Welcome to CanEx Jamaica 2018 Run Down.
Opening day started with a bang with Montel Williams. Technically, it started with CanEx founder, Douglas Gordon, but due to an ongoing series of miscommunication, we didn’t arrive in time.
Full confession, I never followed Montel too closely, but that man has a story. Many stories, actually. His is the most powerful journey of someone being helped by medicinal cannabis I’ve come across to date. In short (way short) due to the pain he endured after coming down with Multiple Sclerosis, he sank into an opioid addiction that threatened to kill him.
On the advice of a forward-thinking doctor, he turned his life around and found a new mission: be a champion for cannabis and cannabis-derived medicinals. He’s served the community well and continues to inspire.
As I navigated the day’s content making connections and learning about this new-to-me industry, I was floored by the benefits of cannabis, and not just for our bodies. Turns out hemp is an outstanding electrical conductor and a key additive for biodegradable plastics and papers. On the more permanent side of the fence, it’s the perfect foundation for cement products. In short, the cannabis plant is suprisingly versatile.
The green plant produces many compounds known as cannabinoids. The most well known at the moment is probably CBD, but there are many more to be researched. CBD is only the beginning, and like most cannabinoids, it will not get you high.
The panel consisted of Archival McDonald, Hon Lascelles Chin, and Henry Munoz Vallejo.
It turns out Columbia is leading the way for economic policy designed to foster cannabis growth with an emphasis on supporting the small farmer. Who knew?
A number of Rastafarian’s in the audience made for a lively Q and A on how Jamaica can do something similar. The small farms are marginalized and the process for obtaining the necessary licenses is prohibitively expensive and complicated.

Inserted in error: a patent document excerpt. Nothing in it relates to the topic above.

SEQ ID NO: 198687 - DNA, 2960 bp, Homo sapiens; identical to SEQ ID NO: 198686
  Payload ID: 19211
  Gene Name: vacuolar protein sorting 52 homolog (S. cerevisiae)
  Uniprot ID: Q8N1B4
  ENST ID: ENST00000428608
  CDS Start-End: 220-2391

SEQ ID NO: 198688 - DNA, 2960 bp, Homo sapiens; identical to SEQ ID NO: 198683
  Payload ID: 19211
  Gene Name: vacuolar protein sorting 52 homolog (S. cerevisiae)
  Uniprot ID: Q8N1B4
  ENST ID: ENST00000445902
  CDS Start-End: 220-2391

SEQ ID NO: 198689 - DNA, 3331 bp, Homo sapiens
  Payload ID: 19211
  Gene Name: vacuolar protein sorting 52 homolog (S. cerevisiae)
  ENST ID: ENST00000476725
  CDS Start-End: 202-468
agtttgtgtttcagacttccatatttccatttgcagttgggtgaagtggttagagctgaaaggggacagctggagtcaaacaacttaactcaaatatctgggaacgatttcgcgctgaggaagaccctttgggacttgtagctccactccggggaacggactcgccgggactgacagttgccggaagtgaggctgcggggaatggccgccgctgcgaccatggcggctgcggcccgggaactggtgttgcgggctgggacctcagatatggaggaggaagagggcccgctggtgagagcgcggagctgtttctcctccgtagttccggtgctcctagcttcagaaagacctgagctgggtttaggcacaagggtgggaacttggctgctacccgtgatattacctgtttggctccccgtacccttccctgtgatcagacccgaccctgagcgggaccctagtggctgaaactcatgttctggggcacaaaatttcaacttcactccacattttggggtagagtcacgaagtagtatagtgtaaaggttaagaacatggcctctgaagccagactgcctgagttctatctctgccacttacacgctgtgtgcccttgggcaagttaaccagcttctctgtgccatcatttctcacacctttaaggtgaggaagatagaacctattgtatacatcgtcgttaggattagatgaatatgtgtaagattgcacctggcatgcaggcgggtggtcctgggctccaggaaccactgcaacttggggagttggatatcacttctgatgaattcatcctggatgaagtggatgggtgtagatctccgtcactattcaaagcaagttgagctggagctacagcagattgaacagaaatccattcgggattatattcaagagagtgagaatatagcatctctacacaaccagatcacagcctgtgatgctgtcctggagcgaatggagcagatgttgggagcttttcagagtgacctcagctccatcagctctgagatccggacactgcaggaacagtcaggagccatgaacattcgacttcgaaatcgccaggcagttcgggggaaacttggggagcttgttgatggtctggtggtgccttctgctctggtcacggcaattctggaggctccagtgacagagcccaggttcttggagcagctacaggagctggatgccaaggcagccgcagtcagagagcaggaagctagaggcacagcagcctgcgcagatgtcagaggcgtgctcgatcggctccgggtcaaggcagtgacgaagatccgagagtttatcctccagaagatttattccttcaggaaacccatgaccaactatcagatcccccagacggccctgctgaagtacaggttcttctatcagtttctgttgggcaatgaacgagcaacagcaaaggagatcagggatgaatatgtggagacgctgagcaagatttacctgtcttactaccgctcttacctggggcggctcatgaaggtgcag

While the government is getting on board with the benefits of legal cannabis and derivatives, it’s a difficult transition to make. Rumor had it that a number of the small farmers were raided while they were at a cannabis event by invitation.
Add to all this the foreign investors clamoring to get skin in the Jamaica game and it’s a potentially explosive mix. The farmers are understandably leery. Especially those with little or no business experience. These people have been taken advantage of before, both by their own respective governments and by foreigners, and they aren’t looking to go there again.
I have to say, I was impressed by a number of Rastafarians who spoke. They had clearly taken the time to educate themselves and knew what they were talking about.
The US is dragging its heals on legalization which is causing both problems and opportunities. As Bruce Linton of Canopy Growth put it, right now the US not being in the game gives everyone else a chance to get ahead. When the US catches up, and it will, it will be a game changer. It’s just the way it is. But for now, go and get things done.
From what I can see, the US has a split personality on the topic. It appears they’re finally (OK, eventually…soon. Ish.) going to relax their regulations on CBD based products. But, they’re also shutting down banking accounts for anyone even marginally involved with cannabis. And I do mean marginally. I met the founders of a brilliant product called Undoo. This is a benign mix of supplements that will bring you down if you’ve overindulged. There is nothing related to cannabis in the product and they had their bank account closed.
Ex-President of Mexico, Vicente Fox, gave a great Keynote with interesting insights to the fear held by government authorities and the potential of assisting thousands by taking cannabis out of the hands of the criminals and into those of responsible players. That’s a lovely sentiment which I’m sure the drug cartels are thrilled with. Time will tell.
Overall positive, they did touch on women’s struggle with equality in the cannabis space. No surprise there. California is issuing grow licenses to members of the black and Latino communities who were unfairly persecuted during our War on Drugs. This has as much room for hazard as it does potential. These men need to be trained and guided in proper business practice, not just tossed to the wind with license in hand.
The rest of the convention was full of networking, learning, and fascinating conversations from people across the globe.
As with cryptocurrency and blockchain (my other passion) the cannabis space is in early days and full of growing pains. Ha. Pun intended. And, as with crypto and blockchain, I believe there is tremendous opportunity for investment here. Do your research. Get involved and enjoy the ride.